The appellant's counsel was permitted to question other counsel in the case only after selection of the jury had been completed.

At this point in the trial appellees' counsel was questioned about any agreement made with parties other than the appellant and the intervenor. He stated that he had consulted with them as to their jury strikes, and he had told each of them, as he recalled, that if the evidence developed as it now looked like it would, he would probably dismiss as to them. He suggested that as far as their interests were the same that they attempt to correlate their effort not only on jury strikes but also on the trial. He said he had told them it might develop that he couldn't dismiss them; that something might happen which would keep one of them in.

They did confer in selecting jurors, and an examination of the jury lists shows that there were no duplications in their strikes.

We overrule the first point. Had appellant been able to show the existence of an unqualified agreement to dismiss parties in exchange for their jury strikes, it would have been entitled to relief, but it could not do so.

Whether two or more parties are each entitled to six jury strikes under Rule 233, Texas Rules of Civil Procedure, depends on whether they have interests that are, at least in part, antagonistic on one or more fact issues. Retail Credit Co. v. Hyman, 316 S.W.2d 769 (Houston Tex.Civ.App.1958, writ ref.). In the instant case the trial judge was not in a position to determine, when called upon to do so, that the parties in question had no antagonism between them as to any fact issue. A lack of antagonism was not demonstrated by the recited statement by appellees' counsel, and the parties in question had on file current pleadings alleging that James Gragg's death was caused by the negligence of one or more of such other parties; although depositions had been taken from a number of those who might have been expected to testify, the discovery shown in the record does not foreclose the possibility that Brown & Root or some other party might have been able to raise a fact issue in support of these allegations. Careful preparation for trial does not always prevent an attorney from being surprised by the introduction of evidence vital to the outcome of his client's cause.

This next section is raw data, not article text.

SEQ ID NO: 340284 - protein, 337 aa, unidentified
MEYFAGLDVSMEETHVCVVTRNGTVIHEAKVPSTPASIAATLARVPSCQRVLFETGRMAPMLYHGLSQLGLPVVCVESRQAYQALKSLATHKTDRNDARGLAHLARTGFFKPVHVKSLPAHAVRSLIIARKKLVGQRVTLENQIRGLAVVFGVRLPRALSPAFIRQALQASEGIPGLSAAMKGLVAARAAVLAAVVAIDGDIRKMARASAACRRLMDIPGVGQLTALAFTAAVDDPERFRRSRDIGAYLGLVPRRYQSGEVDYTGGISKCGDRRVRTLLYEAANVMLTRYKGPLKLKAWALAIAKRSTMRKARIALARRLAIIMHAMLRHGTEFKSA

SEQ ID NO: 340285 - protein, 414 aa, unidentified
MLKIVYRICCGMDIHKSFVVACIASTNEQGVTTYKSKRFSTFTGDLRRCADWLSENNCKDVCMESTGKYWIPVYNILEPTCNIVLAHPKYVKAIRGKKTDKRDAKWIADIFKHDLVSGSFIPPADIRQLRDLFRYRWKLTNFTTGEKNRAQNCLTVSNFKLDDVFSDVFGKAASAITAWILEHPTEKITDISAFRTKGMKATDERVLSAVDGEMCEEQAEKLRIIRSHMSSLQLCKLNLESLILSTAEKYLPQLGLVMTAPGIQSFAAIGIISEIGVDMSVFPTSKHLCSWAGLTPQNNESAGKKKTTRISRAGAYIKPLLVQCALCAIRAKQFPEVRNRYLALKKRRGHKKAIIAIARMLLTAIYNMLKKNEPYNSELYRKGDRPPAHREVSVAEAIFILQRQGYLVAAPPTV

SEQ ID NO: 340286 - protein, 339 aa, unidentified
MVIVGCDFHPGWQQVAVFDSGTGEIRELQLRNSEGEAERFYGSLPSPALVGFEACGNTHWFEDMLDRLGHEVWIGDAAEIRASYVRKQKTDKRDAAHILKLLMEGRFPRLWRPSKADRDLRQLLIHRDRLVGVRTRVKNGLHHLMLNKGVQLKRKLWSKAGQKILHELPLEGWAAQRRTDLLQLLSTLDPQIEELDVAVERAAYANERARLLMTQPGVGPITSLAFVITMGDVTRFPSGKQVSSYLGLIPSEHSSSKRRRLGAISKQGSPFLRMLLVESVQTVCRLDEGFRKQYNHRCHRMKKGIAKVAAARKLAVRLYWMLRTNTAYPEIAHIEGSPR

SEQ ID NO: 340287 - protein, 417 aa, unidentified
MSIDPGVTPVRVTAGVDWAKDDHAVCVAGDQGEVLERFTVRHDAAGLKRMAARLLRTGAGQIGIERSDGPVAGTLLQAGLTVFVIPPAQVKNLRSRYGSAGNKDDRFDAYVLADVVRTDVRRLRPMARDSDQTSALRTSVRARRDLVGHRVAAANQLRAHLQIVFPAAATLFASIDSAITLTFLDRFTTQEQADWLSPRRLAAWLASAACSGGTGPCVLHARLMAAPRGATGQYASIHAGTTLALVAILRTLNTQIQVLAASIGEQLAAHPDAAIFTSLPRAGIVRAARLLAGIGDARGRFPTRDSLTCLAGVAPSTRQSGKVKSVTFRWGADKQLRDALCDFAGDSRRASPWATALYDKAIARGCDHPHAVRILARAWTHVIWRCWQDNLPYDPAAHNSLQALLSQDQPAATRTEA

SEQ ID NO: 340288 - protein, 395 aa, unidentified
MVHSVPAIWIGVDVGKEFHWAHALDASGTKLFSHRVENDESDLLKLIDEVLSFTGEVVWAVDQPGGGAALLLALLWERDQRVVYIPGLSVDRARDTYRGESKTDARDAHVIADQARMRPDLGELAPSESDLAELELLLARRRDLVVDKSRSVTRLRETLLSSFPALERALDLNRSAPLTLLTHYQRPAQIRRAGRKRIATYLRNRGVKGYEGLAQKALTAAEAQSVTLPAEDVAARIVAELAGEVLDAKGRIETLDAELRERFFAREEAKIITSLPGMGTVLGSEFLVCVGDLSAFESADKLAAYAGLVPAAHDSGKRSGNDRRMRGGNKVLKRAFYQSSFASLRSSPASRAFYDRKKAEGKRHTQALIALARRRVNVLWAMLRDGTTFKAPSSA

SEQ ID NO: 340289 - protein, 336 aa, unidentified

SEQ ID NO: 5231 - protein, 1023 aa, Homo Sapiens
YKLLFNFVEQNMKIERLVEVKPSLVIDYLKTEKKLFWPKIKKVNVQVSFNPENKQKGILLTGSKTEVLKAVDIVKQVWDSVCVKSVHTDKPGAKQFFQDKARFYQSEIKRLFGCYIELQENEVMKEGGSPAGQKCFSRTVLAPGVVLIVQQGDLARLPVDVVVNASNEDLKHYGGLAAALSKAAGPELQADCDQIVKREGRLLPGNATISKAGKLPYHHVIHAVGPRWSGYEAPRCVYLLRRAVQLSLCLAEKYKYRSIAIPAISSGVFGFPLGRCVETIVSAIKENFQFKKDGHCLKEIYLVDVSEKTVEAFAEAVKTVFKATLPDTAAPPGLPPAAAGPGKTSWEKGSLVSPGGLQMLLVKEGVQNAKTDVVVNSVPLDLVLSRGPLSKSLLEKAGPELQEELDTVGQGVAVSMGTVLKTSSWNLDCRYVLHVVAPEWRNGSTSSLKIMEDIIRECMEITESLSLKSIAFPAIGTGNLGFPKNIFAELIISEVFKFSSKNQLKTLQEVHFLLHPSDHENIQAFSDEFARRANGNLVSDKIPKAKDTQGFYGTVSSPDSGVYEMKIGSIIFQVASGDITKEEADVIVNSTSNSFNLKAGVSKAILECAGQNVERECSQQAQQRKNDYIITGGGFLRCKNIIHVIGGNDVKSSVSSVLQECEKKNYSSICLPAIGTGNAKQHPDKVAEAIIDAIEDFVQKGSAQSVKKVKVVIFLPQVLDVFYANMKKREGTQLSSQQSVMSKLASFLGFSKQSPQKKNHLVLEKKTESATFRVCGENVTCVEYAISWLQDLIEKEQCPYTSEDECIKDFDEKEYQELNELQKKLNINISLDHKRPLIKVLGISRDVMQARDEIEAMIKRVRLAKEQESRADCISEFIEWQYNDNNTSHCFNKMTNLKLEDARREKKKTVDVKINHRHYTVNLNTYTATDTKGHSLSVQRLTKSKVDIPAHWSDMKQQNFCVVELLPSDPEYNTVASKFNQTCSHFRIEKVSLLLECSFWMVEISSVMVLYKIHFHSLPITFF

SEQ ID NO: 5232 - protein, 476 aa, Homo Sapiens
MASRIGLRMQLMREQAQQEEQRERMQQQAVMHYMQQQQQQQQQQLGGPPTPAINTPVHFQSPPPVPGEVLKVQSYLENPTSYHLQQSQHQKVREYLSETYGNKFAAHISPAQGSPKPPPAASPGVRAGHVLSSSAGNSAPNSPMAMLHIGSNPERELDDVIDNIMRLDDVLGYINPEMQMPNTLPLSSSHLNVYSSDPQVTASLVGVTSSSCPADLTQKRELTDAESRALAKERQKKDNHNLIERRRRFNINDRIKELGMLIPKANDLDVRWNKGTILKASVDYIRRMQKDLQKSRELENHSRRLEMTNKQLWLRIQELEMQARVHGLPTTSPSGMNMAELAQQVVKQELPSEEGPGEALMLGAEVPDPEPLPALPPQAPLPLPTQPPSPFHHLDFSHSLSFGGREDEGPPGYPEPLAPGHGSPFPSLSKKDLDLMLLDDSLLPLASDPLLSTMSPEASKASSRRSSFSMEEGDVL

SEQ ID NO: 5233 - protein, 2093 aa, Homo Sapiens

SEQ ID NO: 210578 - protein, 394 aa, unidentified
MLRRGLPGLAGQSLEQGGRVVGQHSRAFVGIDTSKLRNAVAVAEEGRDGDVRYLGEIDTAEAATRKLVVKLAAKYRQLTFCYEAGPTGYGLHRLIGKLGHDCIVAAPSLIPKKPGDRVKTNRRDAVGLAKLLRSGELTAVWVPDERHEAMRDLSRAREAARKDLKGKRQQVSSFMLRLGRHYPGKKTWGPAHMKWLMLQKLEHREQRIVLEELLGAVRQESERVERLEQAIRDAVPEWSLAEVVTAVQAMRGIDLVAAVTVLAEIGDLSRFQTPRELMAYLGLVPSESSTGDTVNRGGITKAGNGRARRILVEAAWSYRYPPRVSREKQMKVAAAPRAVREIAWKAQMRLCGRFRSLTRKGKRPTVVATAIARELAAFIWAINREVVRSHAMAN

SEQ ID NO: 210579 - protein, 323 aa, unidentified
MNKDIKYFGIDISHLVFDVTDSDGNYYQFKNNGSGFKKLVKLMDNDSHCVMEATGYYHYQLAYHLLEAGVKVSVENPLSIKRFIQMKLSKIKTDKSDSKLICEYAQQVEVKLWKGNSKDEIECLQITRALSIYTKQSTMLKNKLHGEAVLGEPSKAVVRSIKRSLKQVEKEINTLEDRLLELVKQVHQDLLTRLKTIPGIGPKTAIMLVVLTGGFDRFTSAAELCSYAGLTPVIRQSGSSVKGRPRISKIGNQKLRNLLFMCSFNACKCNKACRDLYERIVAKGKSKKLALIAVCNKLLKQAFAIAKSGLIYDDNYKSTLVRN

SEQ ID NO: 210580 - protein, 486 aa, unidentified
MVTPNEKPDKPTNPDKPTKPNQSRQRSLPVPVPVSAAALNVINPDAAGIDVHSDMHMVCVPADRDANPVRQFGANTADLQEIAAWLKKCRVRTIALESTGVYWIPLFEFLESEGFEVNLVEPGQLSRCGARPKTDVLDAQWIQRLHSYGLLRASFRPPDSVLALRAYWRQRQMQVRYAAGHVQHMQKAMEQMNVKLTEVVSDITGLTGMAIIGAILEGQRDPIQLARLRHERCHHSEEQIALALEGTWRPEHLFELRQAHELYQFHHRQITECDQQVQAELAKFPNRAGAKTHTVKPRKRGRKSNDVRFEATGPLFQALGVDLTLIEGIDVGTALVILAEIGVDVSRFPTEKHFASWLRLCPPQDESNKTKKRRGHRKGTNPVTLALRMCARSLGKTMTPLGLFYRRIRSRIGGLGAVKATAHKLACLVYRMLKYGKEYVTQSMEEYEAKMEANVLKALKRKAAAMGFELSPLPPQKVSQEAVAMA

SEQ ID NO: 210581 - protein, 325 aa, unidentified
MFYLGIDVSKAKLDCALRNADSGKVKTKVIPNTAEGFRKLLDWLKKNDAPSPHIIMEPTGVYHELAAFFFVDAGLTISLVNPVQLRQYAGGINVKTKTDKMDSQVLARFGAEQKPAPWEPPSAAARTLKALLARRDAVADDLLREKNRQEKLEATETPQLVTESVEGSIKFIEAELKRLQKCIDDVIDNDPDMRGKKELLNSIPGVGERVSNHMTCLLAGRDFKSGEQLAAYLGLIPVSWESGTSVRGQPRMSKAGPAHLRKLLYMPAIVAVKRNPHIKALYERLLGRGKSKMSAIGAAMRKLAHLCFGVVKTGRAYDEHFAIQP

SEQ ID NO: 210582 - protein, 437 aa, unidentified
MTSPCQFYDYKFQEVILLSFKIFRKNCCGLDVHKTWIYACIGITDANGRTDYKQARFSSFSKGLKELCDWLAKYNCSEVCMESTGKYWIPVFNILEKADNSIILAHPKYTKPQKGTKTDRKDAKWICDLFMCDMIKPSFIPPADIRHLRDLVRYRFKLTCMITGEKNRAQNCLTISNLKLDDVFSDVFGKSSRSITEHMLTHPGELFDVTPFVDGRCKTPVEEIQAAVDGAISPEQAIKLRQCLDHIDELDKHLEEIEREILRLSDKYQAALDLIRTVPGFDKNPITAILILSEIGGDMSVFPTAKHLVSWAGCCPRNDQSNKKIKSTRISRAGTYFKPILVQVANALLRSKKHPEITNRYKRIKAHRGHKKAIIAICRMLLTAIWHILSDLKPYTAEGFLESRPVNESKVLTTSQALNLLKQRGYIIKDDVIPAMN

'Parties on the same side of the docket may be entitled to separate peremptory challenges even though no affirmative relief is sought by one against the other. The plaintiff here charged each of the defendants with different acts of negligence and the jury by its answers might have acquitted one defendant of negligence and found that the other was responsible for the collision. Miss Tamburello alleged that the negligence of Crutchfield was the sole cause of the accident, and the defendants also advised the trial court that they were each claiming that the accident was caused solely by the negligence of the other. Their interests were clearly antagonistic on some of the issues submitted to the jury, and it is our opinion that the trial court erred in denying them six peremptory challenges each.' Tamburello v. Welch, 392 S.W.2d 114 (Tex.Sup.1965).

Appellant also complains about the other parties' having collaborated in making their jury strikes. Parties who are entitled to separate strikes may confer in making them. Parker v. Traders & General Insurance Co., 366 S.W.2d 107 (Eastland Tex.Civ.App.1963), modified 375 S.W.2d 714 (Tex.Sup.1964).

We also overrule appellant's second point of error. We know of no Texas authority for reversing the judgment in a cause by reason of its having developed during the trial that the allegations in the parties' petition indicating antagonisms as to fact issues were not substantiated.

Appellant's third point asserts that the trial court erred in overruling its motion for mistrial based on inflammatory and materially prejudicial jury argument by appellees' attorney. We will not recite all of the statements complained of. They were not so prejudicial that they could not have been cured by a proper instruction.

One matter about which appellant complained in its motion for mistrial was that appellees' counsel informed the jury of the effect of its answers. No ojbection was made to the argument on this basis, and the motion for mistrial was not made until the jury had retired to consider its verdict. This was too late. Texas Employers' Ins. Association v. Haywood, 153 Tex. 242, 266 S.W.2d 856 (1954).

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    • February 21, 1973
    ...the defendants collaborated in exercising the peremptory challenges, no error is reflected. Brown & Root, Inc. v. Gragg, 444 S.W.2d 656 (Tex.Civ.App .--Houston (1st Dist.) 1969, writ ref'd n.r.e.). Any complaint made that the defendants borne permitted to construct a jury is not borne out b......
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    ...M. L. Mayfield Petroleum Corporation v. Kelly, 450 S.W.2d 104 (Tex.Civ.App.1970, writ ref'd n.r.e.); Brown & Root, Inc. v. Gragg, 444 S.W.2d 656 (Tex.Civ.App.1969, writ ref'd n.r.e.). The court of civil appeals recognized the above principle and cited the Retail Credit case as authority for......